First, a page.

Friday, March 15, 2013

On Banking And Being Boring

Ed Miliband spoke this week at the conference of the British Chambers of Commerce. He called for regional banks to be set up to lend to local businesses, an idea modelled on Germany’s Sparkassen. It’s an idea we first published in our 2005 election manifesto: “a Wessex regional government will support the formation and foster the growth of a Wessex-wide, community-owned banking system”. Once again, where WR leads, the London parties belatedly follow.

Vince Cable, speaking at the same conference, didn’t warm to the idea, saying that Britain isn’t Germany. No, it’s rather less successful than Germany at a lot of things. It isn’t that we can’t do the same things here – Birmingham had a popular, though unique municipal savings bank for decades until centralisation overwhelmed it – it’s that generally we WON’T do the same things. Even when they’re patently good for us. Look at how long it took Scotland and Wales to get legislative assemblies of the kind that the Federal Republic of Germany just takes for granted as part of the national character. If the UK has a national character, it’s not an attractive one once all the chauvinistic hubris about our ‘democracy’ is stripped away.

As for regional devolution, why DOES Labour keep on bungling it? As Miliband’s speech shows, there’s no shortage of need for a regional approach. But would his regional banks be anything more than the hated Regional Devastation Agencies with a different logo? Would they be accountable to the regions, or, as usual, to the posh boys of HM Treasury? What lasting and meaningful regional accountability can there be without elected regional assemblies? And how do you get THEM set up if voters won’t do as they’re told?

You cannot have regionalism without regions. But Labour still refuses any debate about what those regions might be, especially about how they need to be changed to make them both practical and popular. It’s made up its mind and won’t be budged. It won’t even engage with the intellectual argument about what kind of regions are needed to do the job envisaged. For Labour, it is self-evident that the regions are those that the Tories, advised by the civil service, created in 1994, based in their turn on wartime civil defence groupings. The advantage of this approach is that the regions exist. They are the status quo. That is all that can be said in their favour. Labour’s myopia forbids it to see beyond that simple bureaucratic fact of their existence. Box ticked. Labour’s myopia forbids it to ask searching questions, such as what is expected of a region, not just now, but in 50, 100 or 500 years’ time.

Labour doesn’t do the long term. It will be dead by then. But because of its myopia it is meanwhile doomed to preside over a succession of failed regional initiatives. The initiatives fail and will go on failing because they are so BORING. Scots wave the Saltire and Welshmen the Red Dragon because these represent identities that set them apart, that engender community, and, fundamentally, the sense that there are other ways to relate to humanity and the planet than through the filter of Westminster politics. No-one outside the Labour Party and its cronies would wave a flag for The South West Standard Region of England.

Folk can and do wave the Wyvern. It’s a symbol with roots deep in history. For obsessive modernisers, that’s a problem, but the revival of the St Piran’s Cross in Cornwall shows very well that a movement for today and tomorrow can draw on yesterday without being labelled ‘nostalgic’ or ‘sentimental’. The great strength in doing so comes from tapping into half-forgotten memories that are widely shared, and shared across the generations, however much re-interpretation the ideas undergo at the margins. It contrasts with the great weakness of constant re-invention of basic principles, namely that only the re-inventers are allowed to play. Only they get to design the logo, write the mission statement, run the training course, and applaud the leader’s speeches.  What unites them is not a common belief in anything that forms their destiny but a common disbelief in everything that forms their inheritance.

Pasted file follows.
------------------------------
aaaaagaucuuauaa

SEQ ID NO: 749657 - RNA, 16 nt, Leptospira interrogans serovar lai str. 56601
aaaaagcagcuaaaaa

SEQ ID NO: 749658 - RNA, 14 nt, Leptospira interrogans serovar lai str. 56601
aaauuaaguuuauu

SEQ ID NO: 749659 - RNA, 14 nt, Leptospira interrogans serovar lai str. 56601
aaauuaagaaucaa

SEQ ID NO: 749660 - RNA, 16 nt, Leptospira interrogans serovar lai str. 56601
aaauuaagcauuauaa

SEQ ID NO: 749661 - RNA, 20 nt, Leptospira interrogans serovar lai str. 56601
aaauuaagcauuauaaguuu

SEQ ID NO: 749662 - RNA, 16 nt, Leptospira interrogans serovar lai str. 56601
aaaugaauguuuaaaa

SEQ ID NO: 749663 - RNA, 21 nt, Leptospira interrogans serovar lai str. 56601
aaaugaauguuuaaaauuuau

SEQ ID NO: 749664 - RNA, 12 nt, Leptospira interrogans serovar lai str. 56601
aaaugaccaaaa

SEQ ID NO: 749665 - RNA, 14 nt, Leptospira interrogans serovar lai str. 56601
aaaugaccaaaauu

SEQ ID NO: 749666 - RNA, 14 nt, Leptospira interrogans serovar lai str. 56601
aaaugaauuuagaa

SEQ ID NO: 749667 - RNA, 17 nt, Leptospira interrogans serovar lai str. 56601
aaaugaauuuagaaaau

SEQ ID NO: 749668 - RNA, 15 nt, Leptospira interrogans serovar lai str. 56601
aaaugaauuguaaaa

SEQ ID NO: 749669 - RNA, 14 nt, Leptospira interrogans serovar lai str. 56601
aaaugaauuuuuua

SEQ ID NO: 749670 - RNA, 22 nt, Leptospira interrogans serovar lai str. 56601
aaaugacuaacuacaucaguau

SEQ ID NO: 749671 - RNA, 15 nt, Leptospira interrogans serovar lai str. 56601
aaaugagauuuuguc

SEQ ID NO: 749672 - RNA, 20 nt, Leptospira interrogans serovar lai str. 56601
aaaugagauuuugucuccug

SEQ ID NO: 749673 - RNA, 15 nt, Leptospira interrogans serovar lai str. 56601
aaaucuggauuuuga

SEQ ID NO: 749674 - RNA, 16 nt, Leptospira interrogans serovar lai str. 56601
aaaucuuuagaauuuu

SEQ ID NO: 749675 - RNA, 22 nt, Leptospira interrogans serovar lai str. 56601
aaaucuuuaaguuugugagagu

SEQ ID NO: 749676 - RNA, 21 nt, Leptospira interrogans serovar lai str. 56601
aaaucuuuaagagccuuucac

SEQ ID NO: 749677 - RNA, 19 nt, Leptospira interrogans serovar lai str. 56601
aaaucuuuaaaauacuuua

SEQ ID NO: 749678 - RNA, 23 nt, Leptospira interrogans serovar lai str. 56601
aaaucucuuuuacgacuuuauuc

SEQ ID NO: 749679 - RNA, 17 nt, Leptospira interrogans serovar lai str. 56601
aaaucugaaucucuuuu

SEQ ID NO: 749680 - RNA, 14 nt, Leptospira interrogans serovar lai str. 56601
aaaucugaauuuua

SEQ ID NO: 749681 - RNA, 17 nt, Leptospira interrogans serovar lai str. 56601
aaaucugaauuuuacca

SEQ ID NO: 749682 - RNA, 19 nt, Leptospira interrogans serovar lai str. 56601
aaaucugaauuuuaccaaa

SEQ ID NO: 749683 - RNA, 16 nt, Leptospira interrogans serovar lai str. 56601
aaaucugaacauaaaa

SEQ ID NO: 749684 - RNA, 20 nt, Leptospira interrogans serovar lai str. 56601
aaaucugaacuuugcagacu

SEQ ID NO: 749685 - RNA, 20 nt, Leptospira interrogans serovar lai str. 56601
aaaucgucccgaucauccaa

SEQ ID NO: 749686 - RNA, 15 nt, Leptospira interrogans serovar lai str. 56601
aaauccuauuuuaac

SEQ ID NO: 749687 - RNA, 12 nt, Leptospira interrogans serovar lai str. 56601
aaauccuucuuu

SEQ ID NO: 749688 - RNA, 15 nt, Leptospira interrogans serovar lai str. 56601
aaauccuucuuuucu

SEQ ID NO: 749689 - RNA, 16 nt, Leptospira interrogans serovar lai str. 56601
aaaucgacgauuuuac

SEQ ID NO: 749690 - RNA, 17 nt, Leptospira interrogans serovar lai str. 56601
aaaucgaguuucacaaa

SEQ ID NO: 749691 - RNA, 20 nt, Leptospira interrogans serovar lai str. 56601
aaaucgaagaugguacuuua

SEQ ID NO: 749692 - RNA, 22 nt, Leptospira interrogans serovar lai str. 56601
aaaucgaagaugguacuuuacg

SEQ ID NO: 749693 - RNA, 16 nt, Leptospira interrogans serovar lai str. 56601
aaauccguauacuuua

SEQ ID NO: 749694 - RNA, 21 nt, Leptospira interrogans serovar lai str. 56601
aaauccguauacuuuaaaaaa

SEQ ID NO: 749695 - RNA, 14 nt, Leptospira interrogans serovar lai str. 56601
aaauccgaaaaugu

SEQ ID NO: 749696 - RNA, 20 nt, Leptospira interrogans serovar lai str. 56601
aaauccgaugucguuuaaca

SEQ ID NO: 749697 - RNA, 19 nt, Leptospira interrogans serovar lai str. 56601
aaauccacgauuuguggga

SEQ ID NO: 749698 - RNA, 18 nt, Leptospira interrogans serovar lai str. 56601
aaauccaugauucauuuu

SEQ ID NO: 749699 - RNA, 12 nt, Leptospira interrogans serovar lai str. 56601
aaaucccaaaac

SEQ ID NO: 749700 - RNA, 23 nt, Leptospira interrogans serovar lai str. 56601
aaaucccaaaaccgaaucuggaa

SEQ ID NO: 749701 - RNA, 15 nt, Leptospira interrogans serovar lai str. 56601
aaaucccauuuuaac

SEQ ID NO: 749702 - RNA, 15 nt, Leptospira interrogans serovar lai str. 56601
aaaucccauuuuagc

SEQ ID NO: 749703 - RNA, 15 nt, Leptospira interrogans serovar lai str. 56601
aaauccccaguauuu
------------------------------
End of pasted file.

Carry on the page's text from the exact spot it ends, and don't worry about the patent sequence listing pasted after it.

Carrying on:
The new present exists in a bubble. It has no past and so it has no future. It will be re-invented into something else. Folk will believe in it for as long as it’s useful and then it will be discarded. That’s no way to build a regional community that will take on the might of London and, with its friends across these islands, comprehensively slay it. That’s OUR mission and there’s nothing boring about that. It’s the one great cause that has yet to have its day.

3 comments:

Mark Higginson said...

You just don't seem to get it. People don't want regions, regional assemblies or any other nonsense like that. The shire has always been the structural bedrock of England since Anglo-Saxon times, wether you call them shires or counties. We don't need regions, we don't want regions. What we do want is a free England.

David Robins said...

NO-ONE defends the shire more than we do. But shires need protecting from Westminster interference. They're too weak on their own. The Anglo-Saxons had regions as well as shires. The Normans abolished them in favour of THEIR vision of England, still going strong today. A Norman England will never be a free England.

It's interesting that the first reaction to regionalism is 'save the shires'. We agree: it's Labour's distorted, so-called 'regionalism' that poses a threat to their existence.

Nick Xylas said...

It's also a blind spot with the Green Party. Decentralism is supposed to be one of the four pillars of Green thought, along with ecology, nonviolence and social justice. But their manifesto commitment to regionalism seems little different to Prescott's vision.